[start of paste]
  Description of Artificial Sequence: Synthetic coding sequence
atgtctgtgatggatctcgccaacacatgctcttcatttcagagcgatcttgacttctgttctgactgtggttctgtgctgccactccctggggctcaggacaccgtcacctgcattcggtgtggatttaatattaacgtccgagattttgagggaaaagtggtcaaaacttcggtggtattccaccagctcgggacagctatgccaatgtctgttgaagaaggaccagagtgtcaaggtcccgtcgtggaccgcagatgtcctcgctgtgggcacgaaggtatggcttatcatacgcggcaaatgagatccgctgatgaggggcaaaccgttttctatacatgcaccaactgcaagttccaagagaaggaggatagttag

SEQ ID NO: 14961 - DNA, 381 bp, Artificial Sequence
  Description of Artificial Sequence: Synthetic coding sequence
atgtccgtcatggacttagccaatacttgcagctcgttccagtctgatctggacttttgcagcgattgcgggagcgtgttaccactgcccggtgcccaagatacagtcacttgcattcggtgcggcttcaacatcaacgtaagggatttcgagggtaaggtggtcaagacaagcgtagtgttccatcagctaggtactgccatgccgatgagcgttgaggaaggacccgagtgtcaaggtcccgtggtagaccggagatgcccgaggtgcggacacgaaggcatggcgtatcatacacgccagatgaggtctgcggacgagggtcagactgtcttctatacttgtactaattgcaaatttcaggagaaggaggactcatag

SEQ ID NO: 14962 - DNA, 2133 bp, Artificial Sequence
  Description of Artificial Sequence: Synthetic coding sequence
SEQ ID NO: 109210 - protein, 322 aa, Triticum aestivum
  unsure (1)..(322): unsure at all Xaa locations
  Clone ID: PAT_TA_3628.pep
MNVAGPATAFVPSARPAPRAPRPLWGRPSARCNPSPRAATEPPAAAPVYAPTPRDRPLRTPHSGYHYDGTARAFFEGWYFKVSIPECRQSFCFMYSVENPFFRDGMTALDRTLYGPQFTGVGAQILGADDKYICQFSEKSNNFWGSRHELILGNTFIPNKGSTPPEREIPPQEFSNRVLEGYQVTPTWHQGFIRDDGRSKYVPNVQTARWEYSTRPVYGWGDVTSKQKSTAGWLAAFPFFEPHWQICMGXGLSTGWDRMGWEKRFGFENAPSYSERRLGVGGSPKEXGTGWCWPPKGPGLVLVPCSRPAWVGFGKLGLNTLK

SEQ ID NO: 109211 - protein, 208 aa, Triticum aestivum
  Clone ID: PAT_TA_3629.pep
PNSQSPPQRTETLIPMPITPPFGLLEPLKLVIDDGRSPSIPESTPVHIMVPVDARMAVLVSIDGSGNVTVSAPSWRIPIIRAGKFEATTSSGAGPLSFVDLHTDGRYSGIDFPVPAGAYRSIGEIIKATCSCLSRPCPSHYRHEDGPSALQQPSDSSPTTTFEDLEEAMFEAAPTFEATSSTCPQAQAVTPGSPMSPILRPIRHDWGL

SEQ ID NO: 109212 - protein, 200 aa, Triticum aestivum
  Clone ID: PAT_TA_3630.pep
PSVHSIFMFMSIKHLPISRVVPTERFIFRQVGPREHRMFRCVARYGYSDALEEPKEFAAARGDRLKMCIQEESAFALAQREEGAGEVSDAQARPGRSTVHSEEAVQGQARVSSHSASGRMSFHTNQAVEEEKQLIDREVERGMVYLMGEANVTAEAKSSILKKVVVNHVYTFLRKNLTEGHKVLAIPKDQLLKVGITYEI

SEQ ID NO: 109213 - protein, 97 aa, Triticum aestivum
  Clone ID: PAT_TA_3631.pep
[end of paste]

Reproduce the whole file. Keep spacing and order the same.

  Description of Artificial Sequence: Synthetic coding sequence
atgtctgtgatggatctcgccaacacatgctcttcatttcagagcgatcttgacttctgttctgactgtggttctgtgctgccactccctggggctcaggacaccgtcacctgcattcggtgtggatttaatattaacgtccgagattttgagggaaaagtggtcaaaacttcggtggtattccaccagctcgggacagctatgccaatgtctgttgaagaaggaccagagtgtcaaggtcccgtcgtggaccgcagatgtcctcgctgtgggcacgaaggtatggcttatcatacgcggcaaatgagatccgctgatgaggggcaaaccgttttctatacatgcaccaactgcaagttccaagagaaggaggatagttag

SEQ ID NO: 14961 - DNA, 381 bp, Artificial Sequence
  Description of Artificial Sequence: Synthetic coding sequence
atgtccgtcatggacttagccaatacttgcagctcgttccagtctgatctggacttttgcagcgattgcgggagcgtgttaccactgcccggtgcccaagatacagtcacttgcattcggtgcggcttcaacatcaacgtaagggatttcgagggtaaggtggtcaagacaagcgtagtgttccatcagctaggtactgccatgccgatgagcgttgaggaaggacccgagtgtcaaggtcccgtggtagaccggagatgcccgaggtgcggacacgaaggcatggcgtatcatacacgccagatgaggtctgcggacgagggtcagactgtcttctatacttgtactaattgcaaatttcaggagaaggaggactcatag

SEQ ID NO: 14962 - DNA, 2133 bp, Artificial Sequence
  Description of Artificial Sequence: Synthetic coding sequence
SEQ ID NO: 109210 - protein, 322 aa, Triticum aestivum
  unsure (1)..(322): unsure at all Xaa locations
  Clone ID: PAT_TA_3628.pep
MNVAGPATAFVPSARPAPRAPRPLWGRPSARCNPSPRAATEPPAAAPVYAPTPRDRPLRTPHSGYHYDGTARAFFEGWYFKVSIPECRQSFCFMYSVENPFFRDGMTALDRTLYGPQFTGVGAQILGADDKYICQFSEKSNNFWGSRHELILGNTFIPNKGSTPPEREIPPQEFSNRVLEGYQVTPTWHQGFIRDDGRSKYVPNVQTARWEYSTRPVYGWGDVTSKQKSTAGWLAAFPFFEPHWQICMGXGLSTGWDRMGWEKRFGFENAPSYSERRLGVGGSPKEXGTGWCWPPKGPGLVLVPCSRPAWVGFGKLGLNTLK

SEQ ID NO: 109211 - protein, 208 aa, Triticum aestivum
  Clone ID: PAT_TA_3629.pep
PNSQSPPQRTETLIPMPITPPFGLLEPLKLVIDDGRSPSIPESTPVHIMVPVDARMAVLVSIDGSGNVTVSAPSWRIPIIRAGKFEATTSSGAGPLSFVDLHTDGRYSGIDFPVPAGAYRSIGEIIKATCSCLSRPCPSHYRHEDGPSALQQPSDSSPTTTFEDLEEAMFEAAPTFEATSSTCPQAQAVTPGSPMSPILRPIRHDWGL

SEQ ID NO: 109212 - protein, 200 aa, Triticum aestivum
  Clone ID: PAT_TA_3630.pep
PSVHSIFMFMSIKHLPISRVVPTERFIFRQVGPREHRMFRCVARYGYSDALEEPKEFAAARGDRLKMCIQEESAFALAQREEGAGEVSDAQARPGRSTVHSEEAVQGQARVSSHSASGRMSFHTNQAVEEEKQLIDREVERGMVYLMGEANVTAEAKSSILKKVVVNHVYTFLRKNLTEGHKVLAIPKDQLLKVGITYEI

SEQ ID NO: 109213 - protein, 97 aa, Triticum aestivum
  Clone ID: PAT_TA_3631.pep